Bangladesh-UK Trade and Investment Dialogue 2023: Outcomes and Prospects

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“The UK and Bangladesh relationship is underpinned by the potential of our trade and investment relationship that will help both of our economies to grow

– Alan Gemmell, UK’s Trade Commissioner for South Asia

This remark not only highlights the significance of the economic connection between the United Kingdom and Bangladesh, but it also sends a strong message of collaboration and connectedness. Since the catastrophic COVID-19 virus struck the globe, the global economy has been in a state of disarray, and the conflict in Ukraine has added another layer of complexity to the catastrophes. But, in this precarious situation, the United Kingdom, which is one of the most prominent impediments to globalization and economic liberalization, has lately experienced several challenging circumstances.

On the other hand, Bangladesh, which is a great example of unwavering persistence and a refusal to give up, has stayed on the path to economic progress while the rest of the world is in a panic. Because of these things, both sides are putting more effort into finding new business opportunities and strengthening the economic ties that tie them together.

The second Bangladesh-UK Trade and Investment Dialogue was held in Dhaka on February 19, 2023. Most significantly, both governments decided to convene the dialogue annually and its Joint Working Group (JWG) frequently. The dialogue was a crucial step in the relationship between the two nations, as both are going through economic changes.

The agenda for the joint working group (JWG) was agreed upon on several issues, paving the way for the existing relationship to be strengthened. Also, the United Kingdom and Bangladesh cover a wide variety of topics pertaining to trade and investment, including mutual impediments to market access and commerce. Moreover, both nations highlighted the significance of the discourse and the joint working group as an important step towards creating an example of joint economic cooperation.

Major outcomes and prospects of the dialogue

In the first place, the conversation itself is a huge result. Due of the acute economic crisis that the globe is now experiencing and the widening gap that exists between the developed and developing worlds, the developing world is almost likely on the verge of collapsing into an economic disaster. As a result, more economic cooperation and conversation is necessary for the international economy, which has been affected by conflict.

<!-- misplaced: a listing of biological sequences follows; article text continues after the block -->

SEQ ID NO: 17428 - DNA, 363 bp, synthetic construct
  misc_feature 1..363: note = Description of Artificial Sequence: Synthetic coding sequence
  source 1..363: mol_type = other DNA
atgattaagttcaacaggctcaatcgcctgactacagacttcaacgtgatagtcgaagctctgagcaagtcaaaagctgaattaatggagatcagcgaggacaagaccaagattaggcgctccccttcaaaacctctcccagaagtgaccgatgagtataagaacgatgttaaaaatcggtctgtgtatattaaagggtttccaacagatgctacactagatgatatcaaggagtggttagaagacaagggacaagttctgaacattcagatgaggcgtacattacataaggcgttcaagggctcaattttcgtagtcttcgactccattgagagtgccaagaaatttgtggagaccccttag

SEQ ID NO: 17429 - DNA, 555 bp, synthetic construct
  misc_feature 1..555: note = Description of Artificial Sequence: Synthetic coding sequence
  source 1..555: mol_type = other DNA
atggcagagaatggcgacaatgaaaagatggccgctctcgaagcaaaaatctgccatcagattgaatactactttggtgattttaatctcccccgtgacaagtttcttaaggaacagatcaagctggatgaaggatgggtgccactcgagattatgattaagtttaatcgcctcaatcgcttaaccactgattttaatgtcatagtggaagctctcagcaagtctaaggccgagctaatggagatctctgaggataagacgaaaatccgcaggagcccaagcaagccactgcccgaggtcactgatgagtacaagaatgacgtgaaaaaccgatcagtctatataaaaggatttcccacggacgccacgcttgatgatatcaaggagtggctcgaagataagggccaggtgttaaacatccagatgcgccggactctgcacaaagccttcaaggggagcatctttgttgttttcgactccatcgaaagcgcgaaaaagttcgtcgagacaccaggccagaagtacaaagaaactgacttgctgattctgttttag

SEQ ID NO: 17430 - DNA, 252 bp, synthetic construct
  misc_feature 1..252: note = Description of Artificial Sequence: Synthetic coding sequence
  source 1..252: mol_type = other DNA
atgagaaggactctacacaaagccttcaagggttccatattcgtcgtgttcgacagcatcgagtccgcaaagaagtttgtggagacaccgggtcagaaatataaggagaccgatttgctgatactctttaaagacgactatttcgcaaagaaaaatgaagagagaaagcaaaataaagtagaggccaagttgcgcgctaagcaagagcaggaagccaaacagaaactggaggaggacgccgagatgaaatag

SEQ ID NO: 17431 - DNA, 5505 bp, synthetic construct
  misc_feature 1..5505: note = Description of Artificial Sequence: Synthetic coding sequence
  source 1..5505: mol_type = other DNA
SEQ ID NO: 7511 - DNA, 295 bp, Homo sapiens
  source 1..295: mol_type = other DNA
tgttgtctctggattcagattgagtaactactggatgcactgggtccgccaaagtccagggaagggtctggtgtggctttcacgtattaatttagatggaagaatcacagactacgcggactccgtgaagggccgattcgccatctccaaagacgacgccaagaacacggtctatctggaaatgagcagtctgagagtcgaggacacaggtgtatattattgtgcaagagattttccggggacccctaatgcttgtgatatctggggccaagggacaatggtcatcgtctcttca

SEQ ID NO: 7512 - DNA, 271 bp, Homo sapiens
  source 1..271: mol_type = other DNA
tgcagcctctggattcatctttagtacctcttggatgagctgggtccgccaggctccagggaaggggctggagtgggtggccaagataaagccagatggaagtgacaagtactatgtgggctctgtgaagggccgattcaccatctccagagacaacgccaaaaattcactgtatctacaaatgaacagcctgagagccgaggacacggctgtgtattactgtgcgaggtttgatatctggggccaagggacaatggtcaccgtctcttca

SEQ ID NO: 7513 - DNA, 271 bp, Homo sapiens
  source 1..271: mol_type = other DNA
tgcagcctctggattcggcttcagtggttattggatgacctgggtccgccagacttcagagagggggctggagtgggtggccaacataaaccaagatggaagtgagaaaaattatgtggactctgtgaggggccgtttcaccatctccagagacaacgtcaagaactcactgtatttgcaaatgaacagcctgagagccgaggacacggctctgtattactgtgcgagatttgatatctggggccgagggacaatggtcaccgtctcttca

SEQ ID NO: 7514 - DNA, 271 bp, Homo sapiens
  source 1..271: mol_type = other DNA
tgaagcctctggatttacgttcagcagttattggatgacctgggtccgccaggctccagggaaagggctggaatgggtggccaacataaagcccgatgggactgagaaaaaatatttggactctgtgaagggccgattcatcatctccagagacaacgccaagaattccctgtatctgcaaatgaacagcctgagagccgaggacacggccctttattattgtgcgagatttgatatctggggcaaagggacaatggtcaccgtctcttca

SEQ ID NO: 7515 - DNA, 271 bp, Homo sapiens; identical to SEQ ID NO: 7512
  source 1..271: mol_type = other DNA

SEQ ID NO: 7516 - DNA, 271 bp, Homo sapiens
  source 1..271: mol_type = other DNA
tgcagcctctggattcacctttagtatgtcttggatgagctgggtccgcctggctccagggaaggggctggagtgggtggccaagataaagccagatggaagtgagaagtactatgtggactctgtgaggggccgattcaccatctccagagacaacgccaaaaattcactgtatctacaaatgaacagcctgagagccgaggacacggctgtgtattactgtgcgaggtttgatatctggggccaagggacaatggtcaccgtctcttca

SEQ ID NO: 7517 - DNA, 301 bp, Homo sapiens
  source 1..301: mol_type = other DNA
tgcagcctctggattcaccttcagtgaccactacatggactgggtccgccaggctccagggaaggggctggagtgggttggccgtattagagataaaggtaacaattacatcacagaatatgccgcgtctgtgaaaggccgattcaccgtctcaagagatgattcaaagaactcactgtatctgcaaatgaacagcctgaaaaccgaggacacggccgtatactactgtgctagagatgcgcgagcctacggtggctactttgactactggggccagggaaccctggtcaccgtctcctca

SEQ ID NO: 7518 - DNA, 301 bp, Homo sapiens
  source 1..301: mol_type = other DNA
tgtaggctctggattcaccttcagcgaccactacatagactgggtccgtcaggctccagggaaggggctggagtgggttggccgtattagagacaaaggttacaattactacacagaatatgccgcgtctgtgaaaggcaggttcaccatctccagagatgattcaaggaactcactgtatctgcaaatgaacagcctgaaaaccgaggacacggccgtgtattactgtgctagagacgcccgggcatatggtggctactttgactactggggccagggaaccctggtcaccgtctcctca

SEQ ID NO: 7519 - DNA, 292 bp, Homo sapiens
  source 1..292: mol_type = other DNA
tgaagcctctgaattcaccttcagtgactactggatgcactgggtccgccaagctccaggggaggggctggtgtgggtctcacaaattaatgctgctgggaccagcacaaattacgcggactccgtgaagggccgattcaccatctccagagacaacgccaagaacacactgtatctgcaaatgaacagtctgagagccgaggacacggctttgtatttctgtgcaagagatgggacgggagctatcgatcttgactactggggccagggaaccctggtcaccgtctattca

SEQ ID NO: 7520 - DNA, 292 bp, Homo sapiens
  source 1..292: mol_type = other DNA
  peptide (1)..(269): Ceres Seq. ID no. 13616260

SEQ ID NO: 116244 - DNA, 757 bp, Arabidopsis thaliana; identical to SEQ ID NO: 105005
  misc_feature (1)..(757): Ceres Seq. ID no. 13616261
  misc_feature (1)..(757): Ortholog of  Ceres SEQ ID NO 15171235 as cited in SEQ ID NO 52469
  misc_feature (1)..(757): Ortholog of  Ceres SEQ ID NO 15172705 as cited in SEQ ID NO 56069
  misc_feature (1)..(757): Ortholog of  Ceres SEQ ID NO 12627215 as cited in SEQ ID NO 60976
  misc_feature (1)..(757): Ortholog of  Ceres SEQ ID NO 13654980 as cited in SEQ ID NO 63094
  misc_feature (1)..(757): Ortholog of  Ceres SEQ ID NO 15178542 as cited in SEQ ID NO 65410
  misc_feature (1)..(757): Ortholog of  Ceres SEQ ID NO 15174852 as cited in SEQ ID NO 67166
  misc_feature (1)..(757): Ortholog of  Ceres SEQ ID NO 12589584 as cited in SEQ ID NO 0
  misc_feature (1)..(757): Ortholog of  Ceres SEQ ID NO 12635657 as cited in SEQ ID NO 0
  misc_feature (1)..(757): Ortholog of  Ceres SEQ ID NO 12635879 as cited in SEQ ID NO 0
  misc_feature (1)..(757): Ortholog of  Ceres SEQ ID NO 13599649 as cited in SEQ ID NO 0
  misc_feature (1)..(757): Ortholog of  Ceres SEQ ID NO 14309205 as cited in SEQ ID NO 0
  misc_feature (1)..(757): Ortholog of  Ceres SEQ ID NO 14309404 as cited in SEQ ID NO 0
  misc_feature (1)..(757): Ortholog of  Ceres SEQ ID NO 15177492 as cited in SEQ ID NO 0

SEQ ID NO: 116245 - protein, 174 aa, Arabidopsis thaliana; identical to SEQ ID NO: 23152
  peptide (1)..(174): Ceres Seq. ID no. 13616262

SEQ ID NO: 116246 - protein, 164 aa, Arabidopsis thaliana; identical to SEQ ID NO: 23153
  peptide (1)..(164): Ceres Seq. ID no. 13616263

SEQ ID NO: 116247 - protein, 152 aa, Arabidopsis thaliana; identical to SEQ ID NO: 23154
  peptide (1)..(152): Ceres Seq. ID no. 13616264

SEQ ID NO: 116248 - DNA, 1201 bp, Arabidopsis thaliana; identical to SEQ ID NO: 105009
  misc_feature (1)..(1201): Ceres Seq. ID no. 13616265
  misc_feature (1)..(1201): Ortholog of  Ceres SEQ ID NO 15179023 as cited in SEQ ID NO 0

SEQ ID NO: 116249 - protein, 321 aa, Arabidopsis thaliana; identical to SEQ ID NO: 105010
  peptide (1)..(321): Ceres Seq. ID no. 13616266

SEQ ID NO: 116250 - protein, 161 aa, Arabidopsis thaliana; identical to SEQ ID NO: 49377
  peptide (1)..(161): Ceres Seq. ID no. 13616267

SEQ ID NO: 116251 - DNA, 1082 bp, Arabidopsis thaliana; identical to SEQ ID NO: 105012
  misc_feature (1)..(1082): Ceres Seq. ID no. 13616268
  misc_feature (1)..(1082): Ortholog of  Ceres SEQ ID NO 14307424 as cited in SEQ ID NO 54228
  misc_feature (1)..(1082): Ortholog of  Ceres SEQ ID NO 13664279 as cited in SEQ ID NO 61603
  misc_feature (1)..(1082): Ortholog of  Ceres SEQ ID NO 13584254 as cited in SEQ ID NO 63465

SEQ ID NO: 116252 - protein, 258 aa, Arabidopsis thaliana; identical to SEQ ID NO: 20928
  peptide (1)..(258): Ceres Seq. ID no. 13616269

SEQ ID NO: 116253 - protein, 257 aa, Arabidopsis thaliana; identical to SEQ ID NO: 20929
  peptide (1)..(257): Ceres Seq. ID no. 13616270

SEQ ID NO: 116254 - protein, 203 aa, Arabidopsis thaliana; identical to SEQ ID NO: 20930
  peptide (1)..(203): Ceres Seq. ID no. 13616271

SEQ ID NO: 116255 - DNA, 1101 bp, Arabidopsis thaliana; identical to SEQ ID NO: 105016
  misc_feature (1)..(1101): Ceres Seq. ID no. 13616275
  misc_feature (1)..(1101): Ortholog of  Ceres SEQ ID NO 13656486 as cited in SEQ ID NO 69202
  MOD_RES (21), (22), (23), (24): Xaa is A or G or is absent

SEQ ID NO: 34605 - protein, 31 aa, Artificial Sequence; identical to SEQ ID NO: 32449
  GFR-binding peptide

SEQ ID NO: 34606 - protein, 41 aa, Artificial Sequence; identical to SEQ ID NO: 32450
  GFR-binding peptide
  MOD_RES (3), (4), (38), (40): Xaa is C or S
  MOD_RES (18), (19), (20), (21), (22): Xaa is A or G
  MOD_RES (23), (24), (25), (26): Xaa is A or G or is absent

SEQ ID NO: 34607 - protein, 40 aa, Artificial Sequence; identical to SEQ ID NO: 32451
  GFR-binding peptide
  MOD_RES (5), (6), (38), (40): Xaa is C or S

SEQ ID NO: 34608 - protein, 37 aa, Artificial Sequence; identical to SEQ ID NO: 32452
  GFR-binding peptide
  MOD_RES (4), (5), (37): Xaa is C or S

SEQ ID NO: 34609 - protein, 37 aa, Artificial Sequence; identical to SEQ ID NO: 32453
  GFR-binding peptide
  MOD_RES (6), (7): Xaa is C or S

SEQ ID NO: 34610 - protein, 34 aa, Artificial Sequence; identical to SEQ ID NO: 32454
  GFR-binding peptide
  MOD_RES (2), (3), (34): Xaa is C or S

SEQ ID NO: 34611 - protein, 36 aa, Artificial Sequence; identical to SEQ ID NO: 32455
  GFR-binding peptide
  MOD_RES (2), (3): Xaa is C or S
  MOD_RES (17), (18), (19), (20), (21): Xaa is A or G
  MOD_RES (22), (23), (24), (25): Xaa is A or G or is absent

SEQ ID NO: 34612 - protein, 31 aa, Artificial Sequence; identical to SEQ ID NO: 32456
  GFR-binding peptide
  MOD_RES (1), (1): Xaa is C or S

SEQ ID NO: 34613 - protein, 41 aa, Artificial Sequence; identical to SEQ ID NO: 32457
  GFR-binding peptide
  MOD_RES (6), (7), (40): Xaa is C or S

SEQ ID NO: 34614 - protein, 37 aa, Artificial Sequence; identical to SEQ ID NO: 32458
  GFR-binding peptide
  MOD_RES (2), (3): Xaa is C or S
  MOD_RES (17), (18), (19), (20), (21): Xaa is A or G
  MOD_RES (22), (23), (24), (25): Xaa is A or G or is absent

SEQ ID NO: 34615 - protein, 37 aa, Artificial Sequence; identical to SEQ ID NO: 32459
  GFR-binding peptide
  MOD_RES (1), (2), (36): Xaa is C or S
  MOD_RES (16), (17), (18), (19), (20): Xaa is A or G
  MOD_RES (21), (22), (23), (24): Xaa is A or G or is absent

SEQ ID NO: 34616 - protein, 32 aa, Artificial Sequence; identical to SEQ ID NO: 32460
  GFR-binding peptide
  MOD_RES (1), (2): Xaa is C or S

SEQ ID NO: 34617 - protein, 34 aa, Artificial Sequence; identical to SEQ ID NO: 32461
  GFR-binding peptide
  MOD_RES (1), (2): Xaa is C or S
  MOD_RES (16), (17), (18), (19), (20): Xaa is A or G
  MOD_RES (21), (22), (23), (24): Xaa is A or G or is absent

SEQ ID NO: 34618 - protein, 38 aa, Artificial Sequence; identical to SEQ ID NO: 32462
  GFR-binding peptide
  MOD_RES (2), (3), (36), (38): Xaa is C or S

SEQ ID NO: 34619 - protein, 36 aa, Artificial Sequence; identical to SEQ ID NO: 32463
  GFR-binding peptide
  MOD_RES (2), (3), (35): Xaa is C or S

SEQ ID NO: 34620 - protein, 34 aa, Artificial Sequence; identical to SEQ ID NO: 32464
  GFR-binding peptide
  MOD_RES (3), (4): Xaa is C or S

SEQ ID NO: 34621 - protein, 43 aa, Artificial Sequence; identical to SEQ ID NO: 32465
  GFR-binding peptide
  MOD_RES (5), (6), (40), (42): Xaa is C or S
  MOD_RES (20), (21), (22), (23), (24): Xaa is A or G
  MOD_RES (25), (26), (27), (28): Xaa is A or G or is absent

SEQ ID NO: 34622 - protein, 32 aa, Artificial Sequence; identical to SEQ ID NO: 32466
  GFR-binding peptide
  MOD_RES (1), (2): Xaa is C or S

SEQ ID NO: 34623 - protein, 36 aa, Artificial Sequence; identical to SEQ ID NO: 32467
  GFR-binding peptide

In addition, the conflict in Ukraine has brought a new facet to this presumption since it is, after all, the greatest military mission on European land that has taken place since the end of World War II. As a result, the developed nation of the United Kingdom is also feeling the effects of the current economic crisis. Going forward into the years 2023 and 2024, the economy of the United Kingdom is anticipated to be mired in a protracted recession characterized by slowing growth and rising unemployment rates.

The most recent meeting, on the other hand, has introduced a new facet, provided both parties with a sigh of relief, and cleared the way for an expansion of the economic ties that already exist between them in a different sphere.

Second, both the UK and Bangladesh agreed during the discussion that they would want to enhance their trade connection in order to increase their prosperity before and after Bangladesh is no longer considered a Least Developed Countries (LDC). The United Kingdom recognized that Bangladesh’s economy is increasing and that it was able to continue operating normally despite the fact that the worldwide pandemic and the current global economic crisis had had a significant impact on Bangladesh.

Finally, both parties highlight the need of expanding the scope of their existing commercial ties. Although the total trade in goods and services (exports plus imports) between the UK and Bangladesh was £4.4 billion at current prices in the four quarters leading up to the end of the third quarter of 2022, this represents an increase of 45.5% or £1.4 billion from the four quarters leading up to the end of the third quarter of 2021. Also, during the four quarters leading up to the conclusion of the third quarter in 2022, Bangladesh was the United Kingdom’s 50th biggest trading partner, accounting for 0.3% of the country’s overall commerce. The discourse that we are having right now has also placed an emphasis on these possible sectors and has embellished future trade relations depending on the success of these endeavors.